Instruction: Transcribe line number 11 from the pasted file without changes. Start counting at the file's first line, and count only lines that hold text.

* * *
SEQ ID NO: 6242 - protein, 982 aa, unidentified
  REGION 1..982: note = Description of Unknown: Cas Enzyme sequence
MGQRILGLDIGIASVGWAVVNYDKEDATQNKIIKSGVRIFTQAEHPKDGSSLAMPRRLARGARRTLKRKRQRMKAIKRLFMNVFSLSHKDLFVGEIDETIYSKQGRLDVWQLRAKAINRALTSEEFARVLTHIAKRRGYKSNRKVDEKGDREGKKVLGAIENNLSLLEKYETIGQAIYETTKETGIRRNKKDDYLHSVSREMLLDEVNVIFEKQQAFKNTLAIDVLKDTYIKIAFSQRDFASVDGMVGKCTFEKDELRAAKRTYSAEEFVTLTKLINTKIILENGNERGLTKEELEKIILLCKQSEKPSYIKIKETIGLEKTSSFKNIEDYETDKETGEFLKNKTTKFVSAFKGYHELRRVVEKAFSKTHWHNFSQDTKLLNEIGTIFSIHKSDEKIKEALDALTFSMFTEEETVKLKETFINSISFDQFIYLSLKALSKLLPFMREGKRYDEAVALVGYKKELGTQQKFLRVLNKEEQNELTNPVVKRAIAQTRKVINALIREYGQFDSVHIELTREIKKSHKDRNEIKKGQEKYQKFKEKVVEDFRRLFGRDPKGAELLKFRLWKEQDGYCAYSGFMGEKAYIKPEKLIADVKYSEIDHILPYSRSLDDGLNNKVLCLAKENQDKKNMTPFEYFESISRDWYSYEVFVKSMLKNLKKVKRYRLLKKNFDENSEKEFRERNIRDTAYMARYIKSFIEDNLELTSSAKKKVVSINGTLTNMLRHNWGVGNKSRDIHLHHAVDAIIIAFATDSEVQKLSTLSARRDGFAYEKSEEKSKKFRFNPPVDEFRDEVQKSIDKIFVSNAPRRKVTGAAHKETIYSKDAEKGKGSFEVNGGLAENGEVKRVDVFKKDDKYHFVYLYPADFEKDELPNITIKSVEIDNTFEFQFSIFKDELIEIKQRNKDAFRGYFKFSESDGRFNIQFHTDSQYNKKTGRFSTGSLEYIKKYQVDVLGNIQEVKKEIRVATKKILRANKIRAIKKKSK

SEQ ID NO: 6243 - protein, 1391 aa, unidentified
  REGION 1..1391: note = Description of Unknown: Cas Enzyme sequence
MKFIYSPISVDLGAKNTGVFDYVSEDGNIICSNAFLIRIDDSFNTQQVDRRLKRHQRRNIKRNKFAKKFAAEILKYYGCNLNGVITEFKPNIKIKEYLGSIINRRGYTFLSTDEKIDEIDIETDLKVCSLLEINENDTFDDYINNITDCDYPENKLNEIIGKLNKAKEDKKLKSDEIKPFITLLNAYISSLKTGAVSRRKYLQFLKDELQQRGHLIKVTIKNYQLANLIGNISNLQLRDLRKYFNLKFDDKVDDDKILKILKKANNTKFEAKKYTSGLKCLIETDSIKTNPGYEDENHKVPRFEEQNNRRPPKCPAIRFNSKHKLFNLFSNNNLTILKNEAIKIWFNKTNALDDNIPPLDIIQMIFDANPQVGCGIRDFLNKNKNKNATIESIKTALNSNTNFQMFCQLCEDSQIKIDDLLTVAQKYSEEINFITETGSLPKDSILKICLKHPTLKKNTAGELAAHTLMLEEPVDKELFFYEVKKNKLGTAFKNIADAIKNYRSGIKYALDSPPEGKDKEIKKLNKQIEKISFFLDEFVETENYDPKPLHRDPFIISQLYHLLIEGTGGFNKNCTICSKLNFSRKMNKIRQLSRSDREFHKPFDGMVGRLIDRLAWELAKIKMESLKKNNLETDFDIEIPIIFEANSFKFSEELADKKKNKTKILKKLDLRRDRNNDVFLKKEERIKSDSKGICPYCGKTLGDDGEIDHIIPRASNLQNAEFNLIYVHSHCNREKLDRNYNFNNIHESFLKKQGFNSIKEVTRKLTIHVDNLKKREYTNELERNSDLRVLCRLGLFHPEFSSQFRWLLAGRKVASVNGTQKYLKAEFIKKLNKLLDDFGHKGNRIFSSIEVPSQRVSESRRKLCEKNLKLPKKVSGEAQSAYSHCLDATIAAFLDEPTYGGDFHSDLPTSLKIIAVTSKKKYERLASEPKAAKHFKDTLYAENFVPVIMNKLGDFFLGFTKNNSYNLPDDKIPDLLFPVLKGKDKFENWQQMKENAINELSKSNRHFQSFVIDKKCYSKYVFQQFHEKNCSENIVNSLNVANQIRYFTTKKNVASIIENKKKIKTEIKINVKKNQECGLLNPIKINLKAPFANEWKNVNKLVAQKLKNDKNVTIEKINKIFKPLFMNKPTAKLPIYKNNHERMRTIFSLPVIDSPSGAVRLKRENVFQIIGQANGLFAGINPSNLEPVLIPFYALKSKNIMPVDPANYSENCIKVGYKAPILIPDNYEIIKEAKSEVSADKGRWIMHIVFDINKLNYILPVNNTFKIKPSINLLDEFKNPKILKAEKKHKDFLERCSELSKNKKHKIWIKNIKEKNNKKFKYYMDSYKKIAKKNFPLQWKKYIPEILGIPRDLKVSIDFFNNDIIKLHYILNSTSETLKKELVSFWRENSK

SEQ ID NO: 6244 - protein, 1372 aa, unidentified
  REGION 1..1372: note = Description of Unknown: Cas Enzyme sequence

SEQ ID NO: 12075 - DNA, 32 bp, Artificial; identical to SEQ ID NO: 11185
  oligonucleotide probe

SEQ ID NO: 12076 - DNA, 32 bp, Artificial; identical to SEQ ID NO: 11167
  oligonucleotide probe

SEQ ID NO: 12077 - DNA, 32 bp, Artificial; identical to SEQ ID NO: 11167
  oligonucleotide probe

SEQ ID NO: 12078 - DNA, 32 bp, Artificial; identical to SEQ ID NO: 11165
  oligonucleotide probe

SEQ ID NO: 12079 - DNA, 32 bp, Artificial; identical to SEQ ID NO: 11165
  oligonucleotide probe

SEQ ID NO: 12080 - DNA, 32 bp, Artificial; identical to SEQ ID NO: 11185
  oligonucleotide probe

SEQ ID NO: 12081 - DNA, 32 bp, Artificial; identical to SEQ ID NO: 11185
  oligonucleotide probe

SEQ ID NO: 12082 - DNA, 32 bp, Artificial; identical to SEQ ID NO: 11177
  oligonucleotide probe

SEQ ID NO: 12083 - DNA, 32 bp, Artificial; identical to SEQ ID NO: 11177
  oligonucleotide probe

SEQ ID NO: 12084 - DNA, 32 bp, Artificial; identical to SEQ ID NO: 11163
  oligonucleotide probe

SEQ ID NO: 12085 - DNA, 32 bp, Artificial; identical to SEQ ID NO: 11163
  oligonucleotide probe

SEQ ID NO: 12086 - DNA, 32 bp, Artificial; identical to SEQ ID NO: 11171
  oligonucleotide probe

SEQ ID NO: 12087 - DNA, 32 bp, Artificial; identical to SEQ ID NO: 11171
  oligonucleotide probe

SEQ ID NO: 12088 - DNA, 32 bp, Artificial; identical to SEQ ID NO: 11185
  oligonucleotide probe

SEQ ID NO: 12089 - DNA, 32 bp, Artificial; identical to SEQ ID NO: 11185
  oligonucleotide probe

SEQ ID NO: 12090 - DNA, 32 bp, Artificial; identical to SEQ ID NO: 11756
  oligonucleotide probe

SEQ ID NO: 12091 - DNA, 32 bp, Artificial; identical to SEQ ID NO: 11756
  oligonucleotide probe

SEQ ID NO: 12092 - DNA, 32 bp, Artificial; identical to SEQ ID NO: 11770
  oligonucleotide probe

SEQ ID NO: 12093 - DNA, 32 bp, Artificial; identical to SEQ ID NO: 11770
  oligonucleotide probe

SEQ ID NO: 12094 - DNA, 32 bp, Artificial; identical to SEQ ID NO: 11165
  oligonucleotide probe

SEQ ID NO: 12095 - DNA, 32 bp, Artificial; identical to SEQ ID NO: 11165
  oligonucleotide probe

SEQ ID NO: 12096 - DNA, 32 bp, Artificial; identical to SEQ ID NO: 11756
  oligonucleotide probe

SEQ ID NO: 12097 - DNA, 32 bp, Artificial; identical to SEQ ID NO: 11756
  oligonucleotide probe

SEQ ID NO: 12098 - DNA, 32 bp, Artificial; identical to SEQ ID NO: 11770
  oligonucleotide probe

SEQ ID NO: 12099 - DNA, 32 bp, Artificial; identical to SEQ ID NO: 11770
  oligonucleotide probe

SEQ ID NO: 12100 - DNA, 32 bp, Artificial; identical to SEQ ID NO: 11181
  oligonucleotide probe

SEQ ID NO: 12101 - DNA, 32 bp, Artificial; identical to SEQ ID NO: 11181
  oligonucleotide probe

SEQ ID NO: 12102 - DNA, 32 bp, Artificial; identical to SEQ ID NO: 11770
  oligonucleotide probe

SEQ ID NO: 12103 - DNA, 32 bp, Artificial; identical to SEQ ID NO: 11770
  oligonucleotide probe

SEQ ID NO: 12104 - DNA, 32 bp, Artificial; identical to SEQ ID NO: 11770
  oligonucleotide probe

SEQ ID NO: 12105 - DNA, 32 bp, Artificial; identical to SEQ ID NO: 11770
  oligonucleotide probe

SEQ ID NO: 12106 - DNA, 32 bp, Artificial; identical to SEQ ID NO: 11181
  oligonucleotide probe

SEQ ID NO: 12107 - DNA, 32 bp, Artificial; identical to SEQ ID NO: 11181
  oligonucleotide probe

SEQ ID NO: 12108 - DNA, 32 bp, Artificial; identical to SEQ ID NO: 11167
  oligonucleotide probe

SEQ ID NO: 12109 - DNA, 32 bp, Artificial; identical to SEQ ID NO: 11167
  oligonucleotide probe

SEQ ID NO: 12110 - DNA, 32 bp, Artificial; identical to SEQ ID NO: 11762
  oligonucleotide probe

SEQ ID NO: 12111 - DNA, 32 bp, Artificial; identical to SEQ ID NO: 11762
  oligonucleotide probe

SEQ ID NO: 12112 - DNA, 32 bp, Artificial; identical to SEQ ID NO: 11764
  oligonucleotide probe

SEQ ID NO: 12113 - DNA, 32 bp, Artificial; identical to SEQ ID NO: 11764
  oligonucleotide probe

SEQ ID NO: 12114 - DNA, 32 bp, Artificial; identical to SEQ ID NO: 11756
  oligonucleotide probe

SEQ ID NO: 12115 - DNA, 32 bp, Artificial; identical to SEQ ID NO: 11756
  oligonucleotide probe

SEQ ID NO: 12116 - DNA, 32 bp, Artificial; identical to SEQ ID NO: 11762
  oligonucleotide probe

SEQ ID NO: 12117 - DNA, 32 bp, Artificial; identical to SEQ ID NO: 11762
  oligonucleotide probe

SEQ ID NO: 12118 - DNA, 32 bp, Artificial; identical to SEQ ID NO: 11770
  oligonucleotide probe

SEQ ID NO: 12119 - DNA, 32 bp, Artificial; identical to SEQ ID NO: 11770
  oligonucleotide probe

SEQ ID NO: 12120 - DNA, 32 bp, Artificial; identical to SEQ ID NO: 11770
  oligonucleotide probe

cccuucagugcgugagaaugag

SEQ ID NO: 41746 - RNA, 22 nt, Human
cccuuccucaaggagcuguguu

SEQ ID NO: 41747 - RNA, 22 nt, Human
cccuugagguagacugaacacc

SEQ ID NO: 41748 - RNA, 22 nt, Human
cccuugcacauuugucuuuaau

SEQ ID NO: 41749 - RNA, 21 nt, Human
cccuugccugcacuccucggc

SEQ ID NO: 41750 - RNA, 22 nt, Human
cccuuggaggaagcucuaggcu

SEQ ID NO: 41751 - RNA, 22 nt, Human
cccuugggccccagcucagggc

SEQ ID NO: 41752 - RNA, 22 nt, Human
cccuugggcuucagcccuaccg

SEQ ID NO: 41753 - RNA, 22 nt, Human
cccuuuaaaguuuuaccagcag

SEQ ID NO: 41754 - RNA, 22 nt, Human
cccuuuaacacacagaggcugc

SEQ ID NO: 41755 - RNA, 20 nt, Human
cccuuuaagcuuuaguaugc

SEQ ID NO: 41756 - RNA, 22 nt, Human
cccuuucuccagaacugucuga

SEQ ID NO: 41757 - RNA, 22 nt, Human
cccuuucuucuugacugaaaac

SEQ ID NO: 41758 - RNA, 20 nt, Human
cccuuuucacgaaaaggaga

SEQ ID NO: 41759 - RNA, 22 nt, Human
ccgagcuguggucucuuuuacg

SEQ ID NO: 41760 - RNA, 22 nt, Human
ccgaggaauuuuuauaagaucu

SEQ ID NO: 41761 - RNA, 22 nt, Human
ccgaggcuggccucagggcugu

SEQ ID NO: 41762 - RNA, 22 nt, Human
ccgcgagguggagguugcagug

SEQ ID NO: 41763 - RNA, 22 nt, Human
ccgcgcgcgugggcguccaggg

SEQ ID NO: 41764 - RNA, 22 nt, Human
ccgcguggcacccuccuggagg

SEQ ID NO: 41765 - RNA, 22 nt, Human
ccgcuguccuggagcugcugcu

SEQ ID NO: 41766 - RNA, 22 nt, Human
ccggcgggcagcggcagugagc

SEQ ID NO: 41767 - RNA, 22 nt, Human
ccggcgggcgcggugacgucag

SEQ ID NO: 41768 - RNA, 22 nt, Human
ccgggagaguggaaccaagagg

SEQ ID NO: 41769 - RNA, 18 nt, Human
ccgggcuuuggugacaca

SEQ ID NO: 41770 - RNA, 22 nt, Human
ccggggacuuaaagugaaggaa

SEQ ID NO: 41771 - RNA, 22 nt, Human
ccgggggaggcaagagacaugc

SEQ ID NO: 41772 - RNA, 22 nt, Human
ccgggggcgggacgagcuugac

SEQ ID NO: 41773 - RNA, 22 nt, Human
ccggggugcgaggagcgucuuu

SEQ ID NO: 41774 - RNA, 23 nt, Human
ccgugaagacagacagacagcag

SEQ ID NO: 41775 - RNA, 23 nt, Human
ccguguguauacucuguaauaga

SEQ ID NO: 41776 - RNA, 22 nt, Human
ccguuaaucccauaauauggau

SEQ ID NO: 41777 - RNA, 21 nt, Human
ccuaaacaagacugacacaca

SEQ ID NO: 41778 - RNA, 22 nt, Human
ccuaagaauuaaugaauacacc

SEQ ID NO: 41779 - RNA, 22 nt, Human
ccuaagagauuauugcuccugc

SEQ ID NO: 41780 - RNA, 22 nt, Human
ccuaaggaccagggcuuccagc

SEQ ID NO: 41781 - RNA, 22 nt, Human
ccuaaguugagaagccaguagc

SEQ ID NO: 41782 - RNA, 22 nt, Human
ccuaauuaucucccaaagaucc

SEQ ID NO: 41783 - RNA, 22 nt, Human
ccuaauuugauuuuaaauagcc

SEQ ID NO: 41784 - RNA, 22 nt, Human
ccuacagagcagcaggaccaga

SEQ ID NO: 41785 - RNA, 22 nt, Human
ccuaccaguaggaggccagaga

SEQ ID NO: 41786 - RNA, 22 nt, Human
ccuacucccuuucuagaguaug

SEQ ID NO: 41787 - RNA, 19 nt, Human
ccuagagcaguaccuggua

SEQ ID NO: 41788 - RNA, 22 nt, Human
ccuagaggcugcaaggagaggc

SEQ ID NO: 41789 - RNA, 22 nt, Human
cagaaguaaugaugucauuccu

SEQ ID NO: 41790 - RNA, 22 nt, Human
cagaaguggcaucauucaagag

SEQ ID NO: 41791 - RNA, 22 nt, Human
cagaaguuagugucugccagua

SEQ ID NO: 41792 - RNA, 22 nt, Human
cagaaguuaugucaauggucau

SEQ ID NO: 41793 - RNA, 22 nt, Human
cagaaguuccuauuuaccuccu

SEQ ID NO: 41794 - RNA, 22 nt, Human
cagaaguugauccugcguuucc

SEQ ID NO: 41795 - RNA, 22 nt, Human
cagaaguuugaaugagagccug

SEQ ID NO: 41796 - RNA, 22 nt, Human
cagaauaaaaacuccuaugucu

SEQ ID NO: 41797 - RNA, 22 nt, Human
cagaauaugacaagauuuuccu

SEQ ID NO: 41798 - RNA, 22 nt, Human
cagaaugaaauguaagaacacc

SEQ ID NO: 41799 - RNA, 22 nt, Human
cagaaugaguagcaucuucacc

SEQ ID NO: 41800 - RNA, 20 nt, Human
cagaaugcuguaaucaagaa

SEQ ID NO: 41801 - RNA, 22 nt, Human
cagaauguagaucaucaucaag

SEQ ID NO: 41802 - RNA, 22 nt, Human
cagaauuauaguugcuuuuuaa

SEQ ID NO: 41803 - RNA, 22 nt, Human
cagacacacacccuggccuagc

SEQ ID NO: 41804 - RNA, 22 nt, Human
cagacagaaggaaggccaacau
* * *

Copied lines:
SEQ ID NO: 12076 - DNA, 32 bp, Artificial; identical to SEQ ID NO: 11167